But the legacy of this storyline, both for Captain America and for Marvel Comics’ willingness to more explicitly comment on the political realities around us, is still felt today. And the Secret Empire went from being a largely unremarkable bad guy organization in the HYDRA mold to embody shadowy conspiratorial cabals. Though this storyline is undoubtedly their high-water mark, they would return in years to come.
Random Schemes (1980s to 2016)
After a storyline where they attack the White House and the leader of the Secret Empire is revealed to be President Nixon, leading to Captain America’s resignation, it’s no surprise that subsequent appearances of the group never recaptured those heights. For the rest of the 1970s, the Empire popped up here and there, usually with unremarkable aims and plans.
In 1983, the Secret Empire was at the centre of a long-running arc in “The Defenders,” coinciding with that title’s move away from its long-running loose association of various rotating characters into a more stable unit. Beginning in Defenders #123 and continuing until New Defenders #130, writer J.M. DeMatteis worked with a rotating cast of collaborators to tell a story of the Secret Empire’s re-emergence as a serious threat. This time, its Number One was Professor Power, a super-villain with an aim at triggering a nuclear exchange between the US and the Soviets. DeMatteis was a stalwart of Marvel Comics in the 1980s, and his run on the Defenders is notable, but this storyline didn’t really do much to catapult the Secret Empire above the ranks of standard baddies.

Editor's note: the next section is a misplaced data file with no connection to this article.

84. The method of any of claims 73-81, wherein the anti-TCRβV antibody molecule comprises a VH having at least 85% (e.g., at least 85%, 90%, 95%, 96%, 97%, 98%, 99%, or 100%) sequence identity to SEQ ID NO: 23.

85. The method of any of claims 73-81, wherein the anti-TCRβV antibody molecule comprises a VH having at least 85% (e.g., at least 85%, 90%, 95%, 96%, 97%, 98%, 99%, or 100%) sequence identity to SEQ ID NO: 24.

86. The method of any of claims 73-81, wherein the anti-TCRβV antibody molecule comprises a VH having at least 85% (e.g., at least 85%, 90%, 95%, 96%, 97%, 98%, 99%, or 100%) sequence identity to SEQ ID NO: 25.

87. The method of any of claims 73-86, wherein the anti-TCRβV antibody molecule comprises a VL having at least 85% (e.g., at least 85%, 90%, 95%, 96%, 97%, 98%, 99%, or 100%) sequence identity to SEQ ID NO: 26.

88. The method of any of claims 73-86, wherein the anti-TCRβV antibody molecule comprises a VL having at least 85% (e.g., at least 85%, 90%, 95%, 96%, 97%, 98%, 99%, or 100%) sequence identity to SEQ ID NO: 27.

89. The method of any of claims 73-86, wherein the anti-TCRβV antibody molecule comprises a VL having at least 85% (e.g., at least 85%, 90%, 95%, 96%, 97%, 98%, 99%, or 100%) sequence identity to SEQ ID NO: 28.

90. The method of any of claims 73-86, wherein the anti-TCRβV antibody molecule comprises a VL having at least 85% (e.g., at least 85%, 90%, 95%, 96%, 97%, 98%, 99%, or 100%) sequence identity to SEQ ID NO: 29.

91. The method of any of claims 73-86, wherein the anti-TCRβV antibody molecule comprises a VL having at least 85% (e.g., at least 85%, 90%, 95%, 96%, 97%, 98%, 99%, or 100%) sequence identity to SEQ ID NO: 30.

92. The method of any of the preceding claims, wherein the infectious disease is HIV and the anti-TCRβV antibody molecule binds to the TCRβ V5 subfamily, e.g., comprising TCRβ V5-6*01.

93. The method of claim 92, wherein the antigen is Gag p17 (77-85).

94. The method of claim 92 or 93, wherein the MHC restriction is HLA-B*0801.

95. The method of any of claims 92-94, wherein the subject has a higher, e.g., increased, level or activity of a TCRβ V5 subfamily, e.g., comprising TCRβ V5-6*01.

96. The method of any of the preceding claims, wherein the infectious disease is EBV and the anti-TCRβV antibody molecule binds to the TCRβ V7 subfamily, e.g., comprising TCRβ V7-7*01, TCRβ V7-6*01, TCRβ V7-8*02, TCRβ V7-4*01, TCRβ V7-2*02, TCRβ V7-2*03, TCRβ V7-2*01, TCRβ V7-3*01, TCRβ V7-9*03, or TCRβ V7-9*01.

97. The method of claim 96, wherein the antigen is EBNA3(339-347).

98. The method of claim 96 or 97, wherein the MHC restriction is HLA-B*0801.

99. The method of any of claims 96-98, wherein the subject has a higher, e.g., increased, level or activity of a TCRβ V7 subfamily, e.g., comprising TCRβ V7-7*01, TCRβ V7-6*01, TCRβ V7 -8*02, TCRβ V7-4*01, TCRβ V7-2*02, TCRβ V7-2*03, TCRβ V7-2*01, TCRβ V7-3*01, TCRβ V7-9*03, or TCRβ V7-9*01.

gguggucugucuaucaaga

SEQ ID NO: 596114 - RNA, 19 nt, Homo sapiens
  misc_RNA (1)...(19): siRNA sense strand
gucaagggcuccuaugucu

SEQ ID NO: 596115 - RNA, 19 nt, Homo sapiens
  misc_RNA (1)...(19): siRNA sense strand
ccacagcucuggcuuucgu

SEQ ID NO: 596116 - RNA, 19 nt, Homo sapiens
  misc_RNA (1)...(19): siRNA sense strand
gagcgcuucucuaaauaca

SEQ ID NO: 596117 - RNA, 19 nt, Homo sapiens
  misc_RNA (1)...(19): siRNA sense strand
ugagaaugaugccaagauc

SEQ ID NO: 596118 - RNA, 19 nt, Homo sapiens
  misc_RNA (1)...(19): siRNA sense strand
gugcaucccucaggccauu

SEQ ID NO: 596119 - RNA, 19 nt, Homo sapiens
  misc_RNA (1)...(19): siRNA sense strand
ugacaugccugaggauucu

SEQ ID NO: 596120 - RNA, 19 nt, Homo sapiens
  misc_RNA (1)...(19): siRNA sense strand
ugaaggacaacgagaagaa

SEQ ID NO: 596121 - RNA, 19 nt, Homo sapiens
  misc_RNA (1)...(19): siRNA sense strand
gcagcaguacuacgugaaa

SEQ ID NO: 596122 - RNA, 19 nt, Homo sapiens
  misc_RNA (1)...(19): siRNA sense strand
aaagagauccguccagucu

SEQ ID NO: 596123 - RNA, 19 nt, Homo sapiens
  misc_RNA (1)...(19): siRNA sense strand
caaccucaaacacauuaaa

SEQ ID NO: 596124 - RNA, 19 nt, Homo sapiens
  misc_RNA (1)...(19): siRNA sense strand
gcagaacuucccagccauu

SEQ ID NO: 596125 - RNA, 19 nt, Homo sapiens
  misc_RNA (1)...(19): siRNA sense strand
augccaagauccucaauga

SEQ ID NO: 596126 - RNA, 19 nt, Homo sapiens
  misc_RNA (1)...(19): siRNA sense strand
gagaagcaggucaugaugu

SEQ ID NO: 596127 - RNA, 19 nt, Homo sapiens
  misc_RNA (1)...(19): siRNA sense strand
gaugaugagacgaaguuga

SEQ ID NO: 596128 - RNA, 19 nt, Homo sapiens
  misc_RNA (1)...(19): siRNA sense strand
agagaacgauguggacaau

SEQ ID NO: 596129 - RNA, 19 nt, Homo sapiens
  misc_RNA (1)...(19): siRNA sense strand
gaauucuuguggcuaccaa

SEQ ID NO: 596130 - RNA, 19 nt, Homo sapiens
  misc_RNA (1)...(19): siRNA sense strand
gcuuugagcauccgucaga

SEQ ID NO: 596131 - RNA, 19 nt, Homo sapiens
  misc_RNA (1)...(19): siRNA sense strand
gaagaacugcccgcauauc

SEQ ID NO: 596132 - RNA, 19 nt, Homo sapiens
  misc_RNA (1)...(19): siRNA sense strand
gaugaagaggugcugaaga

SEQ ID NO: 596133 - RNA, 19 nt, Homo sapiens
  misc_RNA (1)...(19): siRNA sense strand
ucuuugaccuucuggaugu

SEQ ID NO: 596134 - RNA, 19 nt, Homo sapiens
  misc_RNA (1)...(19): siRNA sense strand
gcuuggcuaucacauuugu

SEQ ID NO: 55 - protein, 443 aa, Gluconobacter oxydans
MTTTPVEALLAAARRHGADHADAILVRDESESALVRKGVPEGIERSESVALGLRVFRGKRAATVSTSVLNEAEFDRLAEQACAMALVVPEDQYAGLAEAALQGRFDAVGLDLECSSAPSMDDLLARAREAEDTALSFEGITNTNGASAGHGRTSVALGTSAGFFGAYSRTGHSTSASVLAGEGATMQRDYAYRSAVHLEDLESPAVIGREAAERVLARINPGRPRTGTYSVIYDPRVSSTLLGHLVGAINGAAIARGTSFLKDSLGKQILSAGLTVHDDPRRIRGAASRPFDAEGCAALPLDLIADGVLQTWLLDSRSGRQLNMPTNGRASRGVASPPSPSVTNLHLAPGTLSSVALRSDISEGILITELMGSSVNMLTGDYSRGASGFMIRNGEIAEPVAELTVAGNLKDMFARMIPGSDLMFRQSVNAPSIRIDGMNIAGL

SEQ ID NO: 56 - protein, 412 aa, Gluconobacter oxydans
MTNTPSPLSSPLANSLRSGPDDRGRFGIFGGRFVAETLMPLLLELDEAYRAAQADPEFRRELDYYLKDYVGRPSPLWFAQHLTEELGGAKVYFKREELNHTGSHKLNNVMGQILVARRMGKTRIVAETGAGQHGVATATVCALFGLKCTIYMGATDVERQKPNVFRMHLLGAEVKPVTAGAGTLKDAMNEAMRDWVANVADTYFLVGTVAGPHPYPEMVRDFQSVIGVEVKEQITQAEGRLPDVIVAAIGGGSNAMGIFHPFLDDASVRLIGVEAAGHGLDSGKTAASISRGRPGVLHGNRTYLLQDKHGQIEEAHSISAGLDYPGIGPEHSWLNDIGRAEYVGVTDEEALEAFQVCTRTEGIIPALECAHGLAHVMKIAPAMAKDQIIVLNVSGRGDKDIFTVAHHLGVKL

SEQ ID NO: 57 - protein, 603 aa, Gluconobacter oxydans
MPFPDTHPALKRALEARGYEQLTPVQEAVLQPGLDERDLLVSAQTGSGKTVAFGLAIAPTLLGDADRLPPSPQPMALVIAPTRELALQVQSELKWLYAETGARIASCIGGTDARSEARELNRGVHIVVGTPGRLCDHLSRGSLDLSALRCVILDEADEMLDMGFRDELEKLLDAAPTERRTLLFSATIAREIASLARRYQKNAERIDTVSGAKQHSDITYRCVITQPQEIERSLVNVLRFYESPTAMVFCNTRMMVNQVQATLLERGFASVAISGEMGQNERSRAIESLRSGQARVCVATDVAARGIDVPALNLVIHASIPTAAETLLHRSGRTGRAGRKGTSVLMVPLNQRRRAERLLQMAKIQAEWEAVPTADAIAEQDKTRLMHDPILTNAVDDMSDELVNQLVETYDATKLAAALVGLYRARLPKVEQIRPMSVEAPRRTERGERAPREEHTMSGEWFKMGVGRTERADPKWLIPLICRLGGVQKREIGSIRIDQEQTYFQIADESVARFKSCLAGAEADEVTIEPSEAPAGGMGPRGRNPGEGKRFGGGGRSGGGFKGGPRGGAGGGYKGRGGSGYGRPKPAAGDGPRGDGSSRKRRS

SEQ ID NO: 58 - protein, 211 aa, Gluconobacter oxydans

Neither did their subsequent major appearances in the 1990s. They would be the threat behind story arcs in titles such as “Moon Knight”, “The Punisher”, “Hawkeye” and even “Amazing Spider-Man”, but never really become more than functionally effective conspiratorial forces. The organization would continue to pop up here and there into the 21st century as well, but mostly as little more than convenient baddies.
But, with recent developments, we’ve seen the Secret Empire appear more regularly and with a greater sense of foreboding attached to them. Their recent appearance in the well-received U.S. Avengers #1 coincides nicely with the high-profile publicity push for Marvel’s summer event, but what remains to be seen is whether this iteration of the Secret Empire will resonate with big themes or ideas or innovative storytelling techniques as in our first two examples? Or will they simply be another version of the shadowy bad guys we’ve seen in their lesser appearances? Time will tell when Marvel’s Secret Empire event hits in summer, 2017.
That’s it for this edition of Back Issues! We’ll have another edition up later this month, and until then, see you ’round the quarter bins!